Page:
Iron accumulation in tissues is associated with functional dysregulation in many organs, including the liver, kidney, and endocrine organs such as the thyroid and pancreas. We did not evaluate pancreatic function in this study because young children find it difficult to comply with oral glucose tolerance testing. However, a random sampling of blood glucose levels revealed values within the normal ranges in both age groups. We additionally evaluated serum biomedical markers of liver function, bone metabolism, kidney function, and thyroid function and compared these values to the normal ranges according to the laboratory standards of the medical diagnostic lab at SZCH. Notably, only the overall mean serum concentration of 25(OH)D3, 28.3 ± 10.9 mmol/L, was slightly below the laboratory standard (30 mmol/L) (Table 2).

Table 2 Laboratory evaluations of the patients

Next, we evaluated these biomarker concentrations with respect to age. In analyses of bone metabolism, the mean serum concentration of 25(OH)D3 was significantly higher in patients < 5 yo, compared to those aged ≥5 yo (**p < 0.01, 34.25 ± 11.06 vs. 23.05 ± 9.95 ng/ml, Mann-Whitney U test). Moreover, the mean serum concentration of 25(OH)D3 remained within the normal range among younger patients but was below the normal range in older patients. No significant age-related differences were observed in other markers of bone metabolism (e.g., serum calcium, phosphate, and PTH) (Fig. 2).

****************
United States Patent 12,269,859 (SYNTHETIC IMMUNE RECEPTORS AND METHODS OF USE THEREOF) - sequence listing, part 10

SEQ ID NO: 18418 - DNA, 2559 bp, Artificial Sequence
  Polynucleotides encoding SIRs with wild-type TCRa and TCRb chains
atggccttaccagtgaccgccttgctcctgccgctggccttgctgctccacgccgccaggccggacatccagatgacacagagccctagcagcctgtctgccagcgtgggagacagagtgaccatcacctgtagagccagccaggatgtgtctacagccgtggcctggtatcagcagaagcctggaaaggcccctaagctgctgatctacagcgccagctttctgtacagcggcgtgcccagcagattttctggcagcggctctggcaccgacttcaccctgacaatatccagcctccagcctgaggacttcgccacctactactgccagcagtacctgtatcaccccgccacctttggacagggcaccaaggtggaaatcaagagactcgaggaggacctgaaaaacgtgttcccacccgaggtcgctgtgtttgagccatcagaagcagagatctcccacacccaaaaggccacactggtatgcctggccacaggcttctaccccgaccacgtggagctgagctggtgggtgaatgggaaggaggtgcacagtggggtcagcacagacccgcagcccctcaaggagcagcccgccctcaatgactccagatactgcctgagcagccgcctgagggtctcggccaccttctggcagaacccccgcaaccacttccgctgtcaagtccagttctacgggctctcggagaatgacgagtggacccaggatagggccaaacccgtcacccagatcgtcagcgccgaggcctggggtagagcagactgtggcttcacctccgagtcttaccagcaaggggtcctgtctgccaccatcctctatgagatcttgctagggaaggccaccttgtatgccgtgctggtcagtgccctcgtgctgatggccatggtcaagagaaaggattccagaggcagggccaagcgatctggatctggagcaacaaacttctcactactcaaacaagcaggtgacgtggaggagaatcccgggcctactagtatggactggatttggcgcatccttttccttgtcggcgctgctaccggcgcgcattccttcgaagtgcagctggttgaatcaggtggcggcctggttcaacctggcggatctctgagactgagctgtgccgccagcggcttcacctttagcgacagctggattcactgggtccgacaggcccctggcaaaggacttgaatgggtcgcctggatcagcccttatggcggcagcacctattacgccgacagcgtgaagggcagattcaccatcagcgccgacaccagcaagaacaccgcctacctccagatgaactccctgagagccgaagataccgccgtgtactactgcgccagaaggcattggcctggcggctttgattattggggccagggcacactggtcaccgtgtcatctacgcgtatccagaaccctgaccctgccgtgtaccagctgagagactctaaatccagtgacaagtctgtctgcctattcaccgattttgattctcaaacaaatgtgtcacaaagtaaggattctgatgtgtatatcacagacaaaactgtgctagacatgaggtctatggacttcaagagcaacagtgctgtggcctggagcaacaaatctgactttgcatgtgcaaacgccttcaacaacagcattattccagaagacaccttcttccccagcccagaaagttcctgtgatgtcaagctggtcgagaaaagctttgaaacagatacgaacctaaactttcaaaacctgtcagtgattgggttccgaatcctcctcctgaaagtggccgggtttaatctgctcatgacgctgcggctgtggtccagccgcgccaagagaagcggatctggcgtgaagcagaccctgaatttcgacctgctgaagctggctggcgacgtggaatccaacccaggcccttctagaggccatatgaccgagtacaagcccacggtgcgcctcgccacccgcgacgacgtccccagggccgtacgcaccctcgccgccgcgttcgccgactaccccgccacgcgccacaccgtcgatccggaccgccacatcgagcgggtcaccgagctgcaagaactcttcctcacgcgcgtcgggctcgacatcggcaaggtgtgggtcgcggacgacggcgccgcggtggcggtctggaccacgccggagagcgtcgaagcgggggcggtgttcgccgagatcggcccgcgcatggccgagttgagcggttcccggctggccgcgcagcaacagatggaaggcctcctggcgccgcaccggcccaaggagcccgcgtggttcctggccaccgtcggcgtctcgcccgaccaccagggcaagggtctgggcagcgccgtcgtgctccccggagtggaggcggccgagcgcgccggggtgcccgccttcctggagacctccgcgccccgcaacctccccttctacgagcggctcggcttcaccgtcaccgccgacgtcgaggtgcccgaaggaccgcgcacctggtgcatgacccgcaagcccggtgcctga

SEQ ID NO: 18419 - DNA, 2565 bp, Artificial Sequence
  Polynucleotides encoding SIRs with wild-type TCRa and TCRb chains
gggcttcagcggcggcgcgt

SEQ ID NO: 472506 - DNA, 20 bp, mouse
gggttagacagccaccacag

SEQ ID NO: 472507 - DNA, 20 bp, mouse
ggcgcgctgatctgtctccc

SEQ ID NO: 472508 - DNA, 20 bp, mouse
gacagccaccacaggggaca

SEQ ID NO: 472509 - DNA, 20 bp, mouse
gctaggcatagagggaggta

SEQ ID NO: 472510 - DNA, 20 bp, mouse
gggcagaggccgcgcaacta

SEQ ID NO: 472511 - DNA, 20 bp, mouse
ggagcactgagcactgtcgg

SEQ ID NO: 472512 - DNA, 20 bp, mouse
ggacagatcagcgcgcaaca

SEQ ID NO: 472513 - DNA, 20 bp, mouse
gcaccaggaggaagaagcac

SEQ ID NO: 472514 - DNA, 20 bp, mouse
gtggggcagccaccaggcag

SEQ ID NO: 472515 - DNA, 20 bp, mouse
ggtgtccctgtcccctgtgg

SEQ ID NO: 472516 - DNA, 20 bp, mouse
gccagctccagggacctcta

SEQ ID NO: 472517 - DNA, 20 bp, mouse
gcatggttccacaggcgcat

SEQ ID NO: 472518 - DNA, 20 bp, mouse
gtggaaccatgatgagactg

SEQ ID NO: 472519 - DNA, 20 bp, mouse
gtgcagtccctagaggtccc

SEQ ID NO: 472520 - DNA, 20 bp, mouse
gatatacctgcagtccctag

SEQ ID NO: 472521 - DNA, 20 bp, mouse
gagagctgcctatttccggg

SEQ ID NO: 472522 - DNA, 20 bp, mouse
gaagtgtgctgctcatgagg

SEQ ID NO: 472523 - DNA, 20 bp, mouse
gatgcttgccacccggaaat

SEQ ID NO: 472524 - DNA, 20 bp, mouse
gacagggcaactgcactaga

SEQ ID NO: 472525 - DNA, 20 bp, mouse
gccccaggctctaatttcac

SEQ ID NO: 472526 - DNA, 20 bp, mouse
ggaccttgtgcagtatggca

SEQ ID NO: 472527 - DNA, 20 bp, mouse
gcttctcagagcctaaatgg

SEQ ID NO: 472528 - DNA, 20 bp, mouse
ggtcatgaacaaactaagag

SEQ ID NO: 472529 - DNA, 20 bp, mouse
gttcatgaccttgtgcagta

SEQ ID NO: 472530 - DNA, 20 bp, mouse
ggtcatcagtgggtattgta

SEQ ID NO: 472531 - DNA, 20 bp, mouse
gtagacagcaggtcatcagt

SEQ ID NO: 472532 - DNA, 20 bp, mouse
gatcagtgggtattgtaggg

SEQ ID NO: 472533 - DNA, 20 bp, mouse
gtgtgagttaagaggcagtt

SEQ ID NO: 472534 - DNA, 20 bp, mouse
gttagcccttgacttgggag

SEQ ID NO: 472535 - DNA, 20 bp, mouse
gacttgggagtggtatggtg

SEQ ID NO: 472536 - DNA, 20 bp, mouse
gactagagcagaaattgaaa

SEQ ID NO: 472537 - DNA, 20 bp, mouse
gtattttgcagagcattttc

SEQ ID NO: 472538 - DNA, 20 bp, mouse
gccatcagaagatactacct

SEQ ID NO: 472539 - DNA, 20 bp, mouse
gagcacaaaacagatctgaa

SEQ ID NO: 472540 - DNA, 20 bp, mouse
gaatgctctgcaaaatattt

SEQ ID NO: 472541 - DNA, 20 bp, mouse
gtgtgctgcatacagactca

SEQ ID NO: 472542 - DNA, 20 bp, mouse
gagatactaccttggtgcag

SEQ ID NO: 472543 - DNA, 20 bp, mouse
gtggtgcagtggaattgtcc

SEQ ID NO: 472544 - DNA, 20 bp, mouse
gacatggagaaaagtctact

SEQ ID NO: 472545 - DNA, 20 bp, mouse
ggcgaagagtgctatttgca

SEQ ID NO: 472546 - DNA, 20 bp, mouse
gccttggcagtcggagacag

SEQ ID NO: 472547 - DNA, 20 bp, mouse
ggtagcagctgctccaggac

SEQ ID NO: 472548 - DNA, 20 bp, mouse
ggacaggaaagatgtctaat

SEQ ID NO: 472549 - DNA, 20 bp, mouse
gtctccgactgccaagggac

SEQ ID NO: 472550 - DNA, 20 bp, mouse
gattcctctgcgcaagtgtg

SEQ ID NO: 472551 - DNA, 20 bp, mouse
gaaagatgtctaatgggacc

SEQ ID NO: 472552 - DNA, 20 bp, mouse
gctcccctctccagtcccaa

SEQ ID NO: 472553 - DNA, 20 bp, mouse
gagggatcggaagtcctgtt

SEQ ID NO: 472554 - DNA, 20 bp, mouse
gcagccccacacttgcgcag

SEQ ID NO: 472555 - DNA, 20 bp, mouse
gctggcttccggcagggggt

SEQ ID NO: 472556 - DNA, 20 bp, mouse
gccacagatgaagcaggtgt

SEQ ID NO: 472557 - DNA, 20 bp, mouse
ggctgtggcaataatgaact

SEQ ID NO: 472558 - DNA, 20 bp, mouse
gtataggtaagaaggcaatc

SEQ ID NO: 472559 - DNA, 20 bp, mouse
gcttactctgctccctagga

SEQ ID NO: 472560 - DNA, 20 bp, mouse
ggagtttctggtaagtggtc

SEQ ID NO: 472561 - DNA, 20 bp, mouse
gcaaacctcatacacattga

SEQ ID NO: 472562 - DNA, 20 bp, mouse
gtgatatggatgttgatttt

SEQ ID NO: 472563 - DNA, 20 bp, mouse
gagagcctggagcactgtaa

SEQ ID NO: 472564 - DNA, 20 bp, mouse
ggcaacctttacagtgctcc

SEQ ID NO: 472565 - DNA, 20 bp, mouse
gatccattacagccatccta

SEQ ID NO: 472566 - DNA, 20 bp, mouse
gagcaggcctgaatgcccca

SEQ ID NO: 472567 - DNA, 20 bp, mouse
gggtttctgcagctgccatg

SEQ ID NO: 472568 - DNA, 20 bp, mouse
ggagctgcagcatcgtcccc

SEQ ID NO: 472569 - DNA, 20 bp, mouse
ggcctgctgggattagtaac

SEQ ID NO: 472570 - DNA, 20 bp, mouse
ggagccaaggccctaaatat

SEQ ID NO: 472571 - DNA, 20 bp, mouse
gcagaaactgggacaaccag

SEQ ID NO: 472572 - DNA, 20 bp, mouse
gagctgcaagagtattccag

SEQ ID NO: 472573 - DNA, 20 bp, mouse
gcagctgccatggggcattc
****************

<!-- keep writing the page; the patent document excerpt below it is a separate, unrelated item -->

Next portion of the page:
Fig. 2

Evaluation of bone metabolism in patients with β-thalassemia major. Serum biomarkers of bone metabolism, including 25-hydroxy vitamin D3 (25(OH)D3), calcium (Ca), phosphorus (P), and parathyroid hormone (PTH), were compared between patients ≥5 and < 5 years old (**p < 0.01, 34.25 ± 11.06 vs. 23.05 ± 9.95 ng/ml, Mann-Whitney U test)

All patients were found to be hepatitis B and C seronegative. Accordingly, the serum levels of ALT, AST, TBIL, TP, and ALB were screened as markers of liver function. Patients < 5 yo had a significantly lower mean ALT concentration, compared to older patients (*p < 0.05, 19.17 ± 2.44 vs. 43.45 ± 9.82 IU/ml, Mann-Whitney U test). A significant increase of TP level was observed in the older patient group (**p < 0.01, 61.73 ± 4.06 vs. 65.77 ± 4.08 g/L, Mann-Whitney U test). However, no significant age-related differences were observed in the serum levels of the other liver function markers. Similarly, the serum concentrations of Cr and Bun and of T3, T4, and TSH were measured as markers of kidney and thyroid functions. Again, no significant age-related differences were observed (Fig. 3).

Fig. 3

Laboratory evaluations the liver, kidney, and thyroid functions in patients with β-thalassemia major. Serum biomarkers of liver, kidney, and thyroid functions were assessed in patients ≥5 and < 5 years of age (**p < 0.01, 61.73 ± 4.06 vs. 65.77 ± 4.08 g/L, Mann-Whitney U test)